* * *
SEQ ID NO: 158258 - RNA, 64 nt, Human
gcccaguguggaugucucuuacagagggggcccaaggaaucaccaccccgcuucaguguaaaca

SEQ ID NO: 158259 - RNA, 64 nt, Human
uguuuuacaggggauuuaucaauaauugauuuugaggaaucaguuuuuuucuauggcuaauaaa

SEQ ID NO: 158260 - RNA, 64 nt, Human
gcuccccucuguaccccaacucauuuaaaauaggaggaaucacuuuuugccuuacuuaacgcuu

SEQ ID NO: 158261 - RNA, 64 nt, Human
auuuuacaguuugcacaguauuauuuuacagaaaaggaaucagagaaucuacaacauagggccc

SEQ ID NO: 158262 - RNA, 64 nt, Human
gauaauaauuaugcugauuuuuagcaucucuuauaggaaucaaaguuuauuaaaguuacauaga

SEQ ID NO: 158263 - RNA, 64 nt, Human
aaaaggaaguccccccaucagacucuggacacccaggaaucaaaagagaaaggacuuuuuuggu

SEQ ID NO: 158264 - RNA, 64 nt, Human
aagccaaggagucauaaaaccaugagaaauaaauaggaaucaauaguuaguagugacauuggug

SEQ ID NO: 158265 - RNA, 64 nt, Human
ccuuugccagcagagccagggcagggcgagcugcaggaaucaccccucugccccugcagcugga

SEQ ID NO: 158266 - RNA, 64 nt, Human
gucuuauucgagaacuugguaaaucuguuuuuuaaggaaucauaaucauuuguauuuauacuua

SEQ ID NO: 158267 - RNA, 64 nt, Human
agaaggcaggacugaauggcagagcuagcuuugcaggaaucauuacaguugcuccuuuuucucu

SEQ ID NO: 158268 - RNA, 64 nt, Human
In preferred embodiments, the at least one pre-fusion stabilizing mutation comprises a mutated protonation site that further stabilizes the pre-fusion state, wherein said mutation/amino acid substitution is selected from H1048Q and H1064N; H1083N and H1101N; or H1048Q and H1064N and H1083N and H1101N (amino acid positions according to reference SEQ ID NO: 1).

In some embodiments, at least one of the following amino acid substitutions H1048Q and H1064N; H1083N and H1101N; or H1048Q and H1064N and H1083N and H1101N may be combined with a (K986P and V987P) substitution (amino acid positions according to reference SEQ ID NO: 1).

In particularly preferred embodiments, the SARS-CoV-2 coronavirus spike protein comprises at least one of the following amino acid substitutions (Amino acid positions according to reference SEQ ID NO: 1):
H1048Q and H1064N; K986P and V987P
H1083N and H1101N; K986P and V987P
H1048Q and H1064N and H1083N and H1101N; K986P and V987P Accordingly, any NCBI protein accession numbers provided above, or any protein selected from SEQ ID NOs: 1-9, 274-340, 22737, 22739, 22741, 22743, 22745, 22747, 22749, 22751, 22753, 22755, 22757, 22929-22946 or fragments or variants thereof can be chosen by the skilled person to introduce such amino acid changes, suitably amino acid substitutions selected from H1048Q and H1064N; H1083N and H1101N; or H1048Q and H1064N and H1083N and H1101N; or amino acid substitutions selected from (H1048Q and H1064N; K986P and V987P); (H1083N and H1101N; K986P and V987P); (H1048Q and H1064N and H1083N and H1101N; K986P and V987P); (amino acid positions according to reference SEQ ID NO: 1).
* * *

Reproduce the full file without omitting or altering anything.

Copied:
SEQ ID NO: 158258 - RNA, 64 nt, Human
gcccaguguggaugucucuuacagagggggcccaaggaaucaccaccccgcuucaguguaaaca

SEQ ID NO: 158259 - RNA, 64 nt, Human
uguuuuacaggggauuuaucaauaauugauuuugaggaaucaguuuuuuucuauggcuaauaaa

SEQ ID NO: 158260 - RNA, 64 nt, Human
gcuccccucuguaccccaacucauuuaaaauaggaggaaucacuuuuugccuuacuuaacgcuu

SEQ ID NO: 158261 - RNA, 64 nt, Human
auuuuacaguuugcacaguauuauuuuacagaaaaggaaucagagaaucuacaacauagggccc

SEQ ID NO: 158262 - RNA, 64 nt, Human
gauaauaauuaugcugauuuuuagcaucucuuauaggaaucaaaguuuauuaaaguuacauaga

SEQ ID NO: 158263 - RNA, 64 nt, Human
aaaaggaaguccccccaucagacucuggacacccaggaaucaaaagagaaaggacuuuuuuggu

SEQ ID NO: 158264 - RNA, 64 nt, Human
aagccaaggagucauaaaaccaugagaaauaaauaggaaucaauaguuaguagugacauuggug

SEQ ID NO: 158265 - RNA, 64 nt, Human
ccuuugccagcagagccagggcagggcgagcugcaggaaucaccccucugccccugcagcugga

SEQ ID NO: 158266 - RNA, 64 nt, Human
gucuuauucgagaacuugguaaaucuguuuuuuaaggaaucauaaucauuuguauuuauacuua

SEQ ID NO: 158267 - RNA, 64 nt, Human
agaaggcaggacugaauggcagagcuagcuuugcaggaaucauuacaguugcuccuuuuucucu

SEQ ID NO: 158268 - RNA, 64 nt, Human
In preferred embodiments, the at least one pre-fusion stabilizing mutation comprises a mutated protonation site that further stabilizes the pre-fusion state, wherein said mutation/amino acid substitution is selected from H1048Q and H1064N; H1083N and H1101N; or H1048Q and H1064N and H1083N and H1101N (amino acid positions according to reference SEQ ID NO: 1).

In some embodiments, at least one of the following amino acid substitutions H1048Q and H1064N; H1083N and H1101N; or H1048Q and H1064N and H1083N and H1101N may be combined with a (K986P and V987P) substitution (amino acid positions according to reference SEQ ID NO: 1).

In particularly preferred embodiments, the SARS-CoV-2 coronavirus spike protein comprises at least one of the following amino acid substitutions (Amino acid positions according to reference SEQ ID NO: 1):
H1048Q and H1064N; K986P and V987P
H1083N and H1101N; K986P and V987P
H1048Q and H1064N and H1083N and H1101N; K986P and V987P Accordingly, any NCBI protein accession numbers provided above, or any protein selected from SEQ ID NOs: 1-9, 274-340, 22737, 22739, 22741, 22743, 22745, 22747, 22749, 22751, 22753, 22755, 22757, 22929-22946 or fragments or variants thereof can be chosen by the skilled person to introduce such amino acid changes, suitably amino acid substitutions selected from H1048Q and H1064N; H1083N and H1101N; or H1048Q and H1064N and H1083N and H1101N; or amino acid substitutions selected from (H1048Q and H1064N; K986P and V987P); (H1083N and H1101N; K986P and V987P); (H1048Q and H1064N and H1083N and H1101N; K986P and V987P); (amino acid positions according to reference SEQ ID NO: 1).